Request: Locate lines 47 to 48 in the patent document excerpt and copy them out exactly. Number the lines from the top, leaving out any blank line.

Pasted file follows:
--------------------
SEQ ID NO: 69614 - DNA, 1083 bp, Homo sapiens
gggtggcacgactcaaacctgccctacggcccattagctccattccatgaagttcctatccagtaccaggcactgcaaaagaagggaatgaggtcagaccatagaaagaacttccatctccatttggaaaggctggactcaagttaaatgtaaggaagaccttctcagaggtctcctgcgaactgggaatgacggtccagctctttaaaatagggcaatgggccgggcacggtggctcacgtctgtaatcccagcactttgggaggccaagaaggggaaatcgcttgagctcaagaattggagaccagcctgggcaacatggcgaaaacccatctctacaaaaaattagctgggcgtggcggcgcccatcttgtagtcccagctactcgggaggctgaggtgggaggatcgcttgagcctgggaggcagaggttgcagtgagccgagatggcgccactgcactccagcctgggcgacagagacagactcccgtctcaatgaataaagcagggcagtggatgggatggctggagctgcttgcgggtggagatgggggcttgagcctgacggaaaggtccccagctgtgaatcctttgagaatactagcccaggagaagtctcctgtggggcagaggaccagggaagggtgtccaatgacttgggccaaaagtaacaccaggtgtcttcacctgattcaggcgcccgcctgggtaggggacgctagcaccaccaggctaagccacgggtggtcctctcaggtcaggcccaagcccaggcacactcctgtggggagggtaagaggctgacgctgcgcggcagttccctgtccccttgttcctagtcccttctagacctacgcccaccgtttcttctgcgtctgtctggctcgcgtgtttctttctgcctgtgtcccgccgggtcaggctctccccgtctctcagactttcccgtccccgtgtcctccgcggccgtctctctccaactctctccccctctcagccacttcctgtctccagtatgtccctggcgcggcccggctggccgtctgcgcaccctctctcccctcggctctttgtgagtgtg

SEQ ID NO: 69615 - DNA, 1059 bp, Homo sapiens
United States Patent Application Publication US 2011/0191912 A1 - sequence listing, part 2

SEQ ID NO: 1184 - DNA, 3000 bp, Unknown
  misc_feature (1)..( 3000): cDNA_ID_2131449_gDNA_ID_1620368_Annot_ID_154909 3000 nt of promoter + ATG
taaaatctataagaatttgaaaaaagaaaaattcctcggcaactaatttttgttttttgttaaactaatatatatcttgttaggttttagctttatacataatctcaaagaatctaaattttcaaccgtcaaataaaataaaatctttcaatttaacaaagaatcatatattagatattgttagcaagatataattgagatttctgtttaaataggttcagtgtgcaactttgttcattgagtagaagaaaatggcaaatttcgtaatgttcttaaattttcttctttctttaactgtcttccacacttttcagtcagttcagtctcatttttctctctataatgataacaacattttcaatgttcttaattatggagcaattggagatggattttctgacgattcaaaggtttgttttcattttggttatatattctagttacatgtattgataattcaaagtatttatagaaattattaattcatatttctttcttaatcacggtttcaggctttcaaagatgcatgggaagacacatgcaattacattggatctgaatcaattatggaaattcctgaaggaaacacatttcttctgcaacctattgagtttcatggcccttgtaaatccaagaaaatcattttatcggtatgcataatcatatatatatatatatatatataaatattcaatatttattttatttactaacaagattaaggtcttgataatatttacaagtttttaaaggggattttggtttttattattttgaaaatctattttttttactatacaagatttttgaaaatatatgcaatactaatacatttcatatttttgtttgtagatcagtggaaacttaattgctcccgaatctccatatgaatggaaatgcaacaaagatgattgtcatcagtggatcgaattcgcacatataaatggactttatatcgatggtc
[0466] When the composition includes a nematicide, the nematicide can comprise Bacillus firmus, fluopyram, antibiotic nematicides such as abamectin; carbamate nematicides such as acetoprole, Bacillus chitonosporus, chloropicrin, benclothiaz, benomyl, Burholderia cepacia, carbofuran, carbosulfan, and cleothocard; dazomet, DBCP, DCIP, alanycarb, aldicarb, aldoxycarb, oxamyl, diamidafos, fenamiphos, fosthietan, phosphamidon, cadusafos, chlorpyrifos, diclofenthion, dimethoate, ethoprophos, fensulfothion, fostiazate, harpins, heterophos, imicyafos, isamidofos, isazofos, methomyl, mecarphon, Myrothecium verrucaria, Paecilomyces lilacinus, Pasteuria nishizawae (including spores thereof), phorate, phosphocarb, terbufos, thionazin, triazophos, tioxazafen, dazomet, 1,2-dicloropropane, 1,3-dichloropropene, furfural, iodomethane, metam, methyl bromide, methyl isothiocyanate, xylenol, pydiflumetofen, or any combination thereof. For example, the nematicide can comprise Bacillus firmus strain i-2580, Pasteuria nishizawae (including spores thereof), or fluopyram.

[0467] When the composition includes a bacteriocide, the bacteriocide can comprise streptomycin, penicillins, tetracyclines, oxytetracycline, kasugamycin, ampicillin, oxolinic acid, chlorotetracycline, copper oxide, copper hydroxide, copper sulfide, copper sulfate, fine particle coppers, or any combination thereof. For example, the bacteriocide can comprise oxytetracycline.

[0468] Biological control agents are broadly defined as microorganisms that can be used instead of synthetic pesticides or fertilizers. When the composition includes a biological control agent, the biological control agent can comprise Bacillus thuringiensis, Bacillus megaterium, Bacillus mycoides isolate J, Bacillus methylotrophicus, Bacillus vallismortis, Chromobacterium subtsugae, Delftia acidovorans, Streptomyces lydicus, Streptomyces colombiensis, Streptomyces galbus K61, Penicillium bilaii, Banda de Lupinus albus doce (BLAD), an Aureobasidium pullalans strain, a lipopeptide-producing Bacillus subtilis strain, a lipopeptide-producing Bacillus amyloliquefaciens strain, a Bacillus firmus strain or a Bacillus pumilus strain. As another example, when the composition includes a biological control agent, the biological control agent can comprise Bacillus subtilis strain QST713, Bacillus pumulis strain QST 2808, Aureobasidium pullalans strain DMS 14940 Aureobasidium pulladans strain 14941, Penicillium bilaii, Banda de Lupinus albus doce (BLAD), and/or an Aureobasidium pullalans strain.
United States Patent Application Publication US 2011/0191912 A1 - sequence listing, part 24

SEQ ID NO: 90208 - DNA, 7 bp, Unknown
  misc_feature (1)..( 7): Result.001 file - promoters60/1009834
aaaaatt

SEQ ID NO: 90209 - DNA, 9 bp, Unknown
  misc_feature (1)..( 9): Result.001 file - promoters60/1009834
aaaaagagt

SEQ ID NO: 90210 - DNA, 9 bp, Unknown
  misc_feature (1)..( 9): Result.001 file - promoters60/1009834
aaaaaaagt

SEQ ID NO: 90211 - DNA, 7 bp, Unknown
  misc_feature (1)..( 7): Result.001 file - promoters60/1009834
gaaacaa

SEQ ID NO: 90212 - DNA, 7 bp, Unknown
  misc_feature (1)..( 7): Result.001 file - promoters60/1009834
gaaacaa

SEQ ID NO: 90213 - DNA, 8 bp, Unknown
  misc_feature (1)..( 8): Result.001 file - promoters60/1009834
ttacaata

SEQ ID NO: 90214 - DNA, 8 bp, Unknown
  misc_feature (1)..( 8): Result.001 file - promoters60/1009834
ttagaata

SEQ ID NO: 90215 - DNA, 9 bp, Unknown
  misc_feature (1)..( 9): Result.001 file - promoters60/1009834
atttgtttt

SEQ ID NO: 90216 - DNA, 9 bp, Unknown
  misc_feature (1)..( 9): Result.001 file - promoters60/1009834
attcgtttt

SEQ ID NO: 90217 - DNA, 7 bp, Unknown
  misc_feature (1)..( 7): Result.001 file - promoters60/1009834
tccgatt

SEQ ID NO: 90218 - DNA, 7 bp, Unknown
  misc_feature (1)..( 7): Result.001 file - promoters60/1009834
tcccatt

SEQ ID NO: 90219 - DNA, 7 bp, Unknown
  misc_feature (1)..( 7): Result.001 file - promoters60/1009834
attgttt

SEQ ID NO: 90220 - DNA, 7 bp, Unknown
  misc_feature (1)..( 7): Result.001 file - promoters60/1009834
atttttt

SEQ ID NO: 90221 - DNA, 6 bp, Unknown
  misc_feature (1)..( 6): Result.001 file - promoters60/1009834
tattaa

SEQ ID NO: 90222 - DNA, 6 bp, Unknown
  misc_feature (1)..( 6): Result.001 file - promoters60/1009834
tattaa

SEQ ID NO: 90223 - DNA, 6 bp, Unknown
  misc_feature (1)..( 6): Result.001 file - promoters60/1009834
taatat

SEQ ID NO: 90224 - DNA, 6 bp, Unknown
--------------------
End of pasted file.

attgttt

SEQ ID NO: 90220 - DNA, 7 bp, Unknown